_Psychoanalysis in the Age of Totalitarianism_ provides rich new insights into the history of political thought and clinical knowledge. In these chapters, internationally renowned historians and cultural theorists discuss landmark debates about the uses and abuses of ‘the talking cure’ and map the diverse psychologies and therapeutic practices that have featured in and against tyrannical, modern regimes. These essays show both how the Freudian movement responded to and was transformed by the rise of fascism and communism, the Second World War, (...)
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  35. Moral Responsibility and Mental Illness: A Call for Nuance.Matt King & Joshua May - 2018 - Neuroethics 11 (1):11-22.
    Does having a mental disorder, in general, affect whether someone is morally responsible for an action? Many people seem to think so, holding that mental disorders nearly always mitigate responsibility. Against this Naïve view, we argue for a Nuanced account. The problem is not just that different theories of responsibility yield different verdicts about particular cases. Even when all reasonable theories agree about what's relevant to responsibility, the ways mental illness can affect behavior are so varied that a more nuanced (...)
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  36.  93
    The Pragmatics of Pragmatic Encroachment.Matt Lutz - 2014 - Synthese 191 (8):1-24.
    The goal of this paper is to defend Simple Modest Invariantism (SMI) about knowledge from the threat presented by pragmatic encroachment. Pragmatic encroachment is the view that practical circumstances are relevant in some way to the truth of knowledge ascriptions—and if this is true, it would entail the falsity of SMI. Drawing on Ross and Schroeder’s recent Reasoning Disposition account of belief, I argue that the Reasoning Disposition account, together with Grice’s Maxims, gives us an attractive pragmatic account of the (...)
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  37.  97
    Bayesian Fundamentalism or Enlightenment? On the Explanatory Status and Theoretical Contributions of Bayesian Models of Cognition.Matt Jones & Bradley C. Love - 2011 - Behavioral and Brain Sciences 34 (4):169-188.
    The prominence of Bayesian modeling of cognition has increased recently largely because of mathematical advances in specifying and deriving predictions from complex probabilistic models. Much of this research aims to demonstrate that cognitive behavior can be explained from rational principles alone, without recourse to psychological or neurological processes and representations. We note commonalities between this rational approach and other movements in psychology that set aside mechanistic explanations or make use of optimality assumptions. Through these comparisons, we identify a number of (...)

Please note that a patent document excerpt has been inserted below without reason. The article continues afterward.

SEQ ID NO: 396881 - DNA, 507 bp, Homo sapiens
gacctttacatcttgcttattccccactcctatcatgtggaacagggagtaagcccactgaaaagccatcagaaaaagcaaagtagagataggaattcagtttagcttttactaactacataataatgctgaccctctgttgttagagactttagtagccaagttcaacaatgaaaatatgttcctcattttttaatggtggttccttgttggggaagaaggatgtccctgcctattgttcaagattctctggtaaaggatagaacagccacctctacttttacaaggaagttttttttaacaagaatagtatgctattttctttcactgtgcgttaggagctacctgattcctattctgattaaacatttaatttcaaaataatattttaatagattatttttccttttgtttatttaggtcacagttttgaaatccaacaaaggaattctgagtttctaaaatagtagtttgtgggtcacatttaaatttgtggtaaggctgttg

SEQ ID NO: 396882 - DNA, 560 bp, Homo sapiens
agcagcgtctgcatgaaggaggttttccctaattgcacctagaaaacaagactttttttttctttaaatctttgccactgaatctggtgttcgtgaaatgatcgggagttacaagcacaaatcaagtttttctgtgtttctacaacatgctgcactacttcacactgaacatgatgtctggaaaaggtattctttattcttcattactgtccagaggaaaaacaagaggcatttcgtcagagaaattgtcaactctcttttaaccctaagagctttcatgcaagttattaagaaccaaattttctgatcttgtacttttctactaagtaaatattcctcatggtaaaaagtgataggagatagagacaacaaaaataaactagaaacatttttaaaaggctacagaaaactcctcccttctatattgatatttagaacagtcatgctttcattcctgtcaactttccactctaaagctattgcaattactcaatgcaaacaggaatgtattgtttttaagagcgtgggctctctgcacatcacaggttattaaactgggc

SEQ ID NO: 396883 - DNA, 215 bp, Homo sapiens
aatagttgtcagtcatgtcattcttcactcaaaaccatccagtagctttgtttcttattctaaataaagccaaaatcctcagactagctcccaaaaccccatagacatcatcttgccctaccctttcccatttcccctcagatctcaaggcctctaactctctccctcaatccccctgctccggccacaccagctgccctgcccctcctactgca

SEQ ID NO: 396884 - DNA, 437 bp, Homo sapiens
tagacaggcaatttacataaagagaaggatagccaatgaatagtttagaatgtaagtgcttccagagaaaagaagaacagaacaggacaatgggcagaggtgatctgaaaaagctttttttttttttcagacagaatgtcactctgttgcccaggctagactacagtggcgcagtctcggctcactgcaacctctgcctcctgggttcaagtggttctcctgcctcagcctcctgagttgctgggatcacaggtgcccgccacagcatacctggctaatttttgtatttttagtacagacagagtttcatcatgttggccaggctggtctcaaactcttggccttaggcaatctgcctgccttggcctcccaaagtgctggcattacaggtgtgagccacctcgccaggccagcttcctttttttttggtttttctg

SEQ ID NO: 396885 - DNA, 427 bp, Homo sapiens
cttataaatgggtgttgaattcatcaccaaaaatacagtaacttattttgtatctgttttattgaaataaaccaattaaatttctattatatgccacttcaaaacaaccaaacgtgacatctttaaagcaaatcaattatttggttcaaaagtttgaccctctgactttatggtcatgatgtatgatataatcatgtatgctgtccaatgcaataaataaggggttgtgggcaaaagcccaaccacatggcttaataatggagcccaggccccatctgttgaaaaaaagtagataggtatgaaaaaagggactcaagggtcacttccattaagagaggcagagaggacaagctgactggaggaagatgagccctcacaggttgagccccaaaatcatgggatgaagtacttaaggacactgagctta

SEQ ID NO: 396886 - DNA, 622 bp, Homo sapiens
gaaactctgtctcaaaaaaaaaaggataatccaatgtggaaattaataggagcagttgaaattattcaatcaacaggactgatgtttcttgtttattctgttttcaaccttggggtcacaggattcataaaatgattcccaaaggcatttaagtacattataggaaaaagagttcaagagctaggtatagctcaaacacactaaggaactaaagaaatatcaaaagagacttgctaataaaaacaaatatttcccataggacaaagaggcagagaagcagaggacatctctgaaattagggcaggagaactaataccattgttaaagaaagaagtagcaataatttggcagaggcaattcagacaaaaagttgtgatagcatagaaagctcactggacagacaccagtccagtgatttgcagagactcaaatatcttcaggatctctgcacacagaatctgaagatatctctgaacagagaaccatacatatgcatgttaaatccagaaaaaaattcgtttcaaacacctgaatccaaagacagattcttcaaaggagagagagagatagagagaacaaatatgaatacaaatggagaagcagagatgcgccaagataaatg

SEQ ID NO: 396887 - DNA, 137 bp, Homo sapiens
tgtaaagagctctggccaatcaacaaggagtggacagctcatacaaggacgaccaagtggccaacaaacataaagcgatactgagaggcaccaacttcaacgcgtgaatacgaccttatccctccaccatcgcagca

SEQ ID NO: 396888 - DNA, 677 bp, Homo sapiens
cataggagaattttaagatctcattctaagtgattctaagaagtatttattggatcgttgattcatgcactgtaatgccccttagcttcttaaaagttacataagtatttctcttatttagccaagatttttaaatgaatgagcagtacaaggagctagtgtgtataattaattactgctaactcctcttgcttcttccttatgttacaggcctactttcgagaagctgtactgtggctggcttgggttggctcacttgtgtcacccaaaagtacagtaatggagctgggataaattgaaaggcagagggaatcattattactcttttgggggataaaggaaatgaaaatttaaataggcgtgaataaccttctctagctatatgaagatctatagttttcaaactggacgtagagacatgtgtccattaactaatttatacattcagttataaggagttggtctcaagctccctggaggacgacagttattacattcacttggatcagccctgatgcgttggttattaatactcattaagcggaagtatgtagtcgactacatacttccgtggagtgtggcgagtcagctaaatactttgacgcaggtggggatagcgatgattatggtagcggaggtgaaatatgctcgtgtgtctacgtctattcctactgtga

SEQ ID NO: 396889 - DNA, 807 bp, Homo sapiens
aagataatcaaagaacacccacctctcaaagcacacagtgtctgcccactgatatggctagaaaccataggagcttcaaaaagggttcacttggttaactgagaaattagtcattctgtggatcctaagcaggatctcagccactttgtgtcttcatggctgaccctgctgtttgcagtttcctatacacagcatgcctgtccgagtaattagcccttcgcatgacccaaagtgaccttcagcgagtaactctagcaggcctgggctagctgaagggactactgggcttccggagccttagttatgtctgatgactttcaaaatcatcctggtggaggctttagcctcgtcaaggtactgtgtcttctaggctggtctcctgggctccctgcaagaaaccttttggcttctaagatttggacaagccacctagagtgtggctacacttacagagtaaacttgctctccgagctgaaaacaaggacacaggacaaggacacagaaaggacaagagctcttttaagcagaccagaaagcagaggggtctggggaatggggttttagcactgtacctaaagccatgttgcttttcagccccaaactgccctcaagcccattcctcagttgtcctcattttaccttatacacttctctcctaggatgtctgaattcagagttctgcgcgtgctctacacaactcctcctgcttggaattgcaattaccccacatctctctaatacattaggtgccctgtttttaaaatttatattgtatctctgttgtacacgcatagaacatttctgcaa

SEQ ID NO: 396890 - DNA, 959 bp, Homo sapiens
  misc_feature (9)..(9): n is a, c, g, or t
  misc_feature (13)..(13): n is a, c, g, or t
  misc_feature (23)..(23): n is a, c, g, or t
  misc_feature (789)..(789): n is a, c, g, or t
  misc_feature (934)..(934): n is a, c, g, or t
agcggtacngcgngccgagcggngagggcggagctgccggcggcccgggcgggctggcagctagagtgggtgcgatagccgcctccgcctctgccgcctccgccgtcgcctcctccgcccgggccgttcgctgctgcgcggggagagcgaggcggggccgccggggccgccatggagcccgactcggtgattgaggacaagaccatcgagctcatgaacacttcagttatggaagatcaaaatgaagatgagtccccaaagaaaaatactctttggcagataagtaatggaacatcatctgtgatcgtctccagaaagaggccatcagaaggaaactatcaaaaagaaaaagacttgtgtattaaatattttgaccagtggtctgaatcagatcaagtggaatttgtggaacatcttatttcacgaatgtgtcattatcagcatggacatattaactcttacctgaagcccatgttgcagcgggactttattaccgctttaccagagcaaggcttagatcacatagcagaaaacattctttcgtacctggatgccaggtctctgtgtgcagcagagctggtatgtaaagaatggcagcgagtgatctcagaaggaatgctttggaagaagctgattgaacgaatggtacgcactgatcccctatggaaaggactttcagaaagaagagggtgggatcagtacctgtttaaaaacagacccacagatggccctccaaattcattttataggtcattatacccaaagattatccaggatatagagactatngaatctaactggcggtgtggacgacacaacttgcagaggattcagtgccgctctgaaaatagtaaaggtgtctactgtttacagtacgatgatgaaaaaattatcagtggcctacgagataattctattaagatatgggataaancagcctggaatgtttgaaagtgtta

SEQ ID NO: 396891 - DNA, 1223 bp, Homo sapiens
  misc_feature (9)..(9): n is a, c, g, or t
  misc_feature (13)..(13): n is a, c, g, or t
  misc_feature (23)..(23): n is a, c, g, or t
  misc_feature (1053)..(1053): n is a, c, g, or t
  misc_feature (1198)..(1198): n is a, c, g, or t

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  38.  19
    ``Must We Know What We Say?&Quot.Matt Weiner - 2005 - Philosophical Review 114 (2):227-251.
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  39.  25
    Traditional Epistemology and Epistemology Naturalized.Matt Carlson - 2021 - Logique Et Analyse 1 (456):449-466.
    In this paper, I develop a new interpretation of Quine’s epistemology in the hopes of clarifying the relationship between naturalized epistemology and traditional epistemology. Quine’s naturalized epistemology is commonly criticized on the grounds that it amounts to giving up on traditional epistemological projects in favor of projects in natural science. But, I argue, this criticism rests on a mistaken interpretation of Quine’s epistemology. This is because Quine’s naturalized epistemology retains an important meliorative component; part of its aim is to improve (...)
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  40. Felon Disenfranchisement and Democratic Legitimacy.Matt S. Whitt - 2017 - Social Theory and Practice 43 (2):283-311.
    Political theorists have long criticized policies that deny voting rights to convicted felons. However, some have recently turned to democratic theory to defend this practice, arguing that democratic self-determination justifies, or even requires, disenfranchising felons. I review these new arguments, acknowledge their force against existing criticism, and then offer a new critique of disenfranchisement that engages them on their own terms. Using democratic theory’s “all-subjected principle,” I argue that liberal democracies undermine their own legitimacy when they deny the vote to (...)
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  41. The 'Now What' Problem for Error Theory.Matt Lutz - 2014 - Philosophical Studies 171 (2):351-371.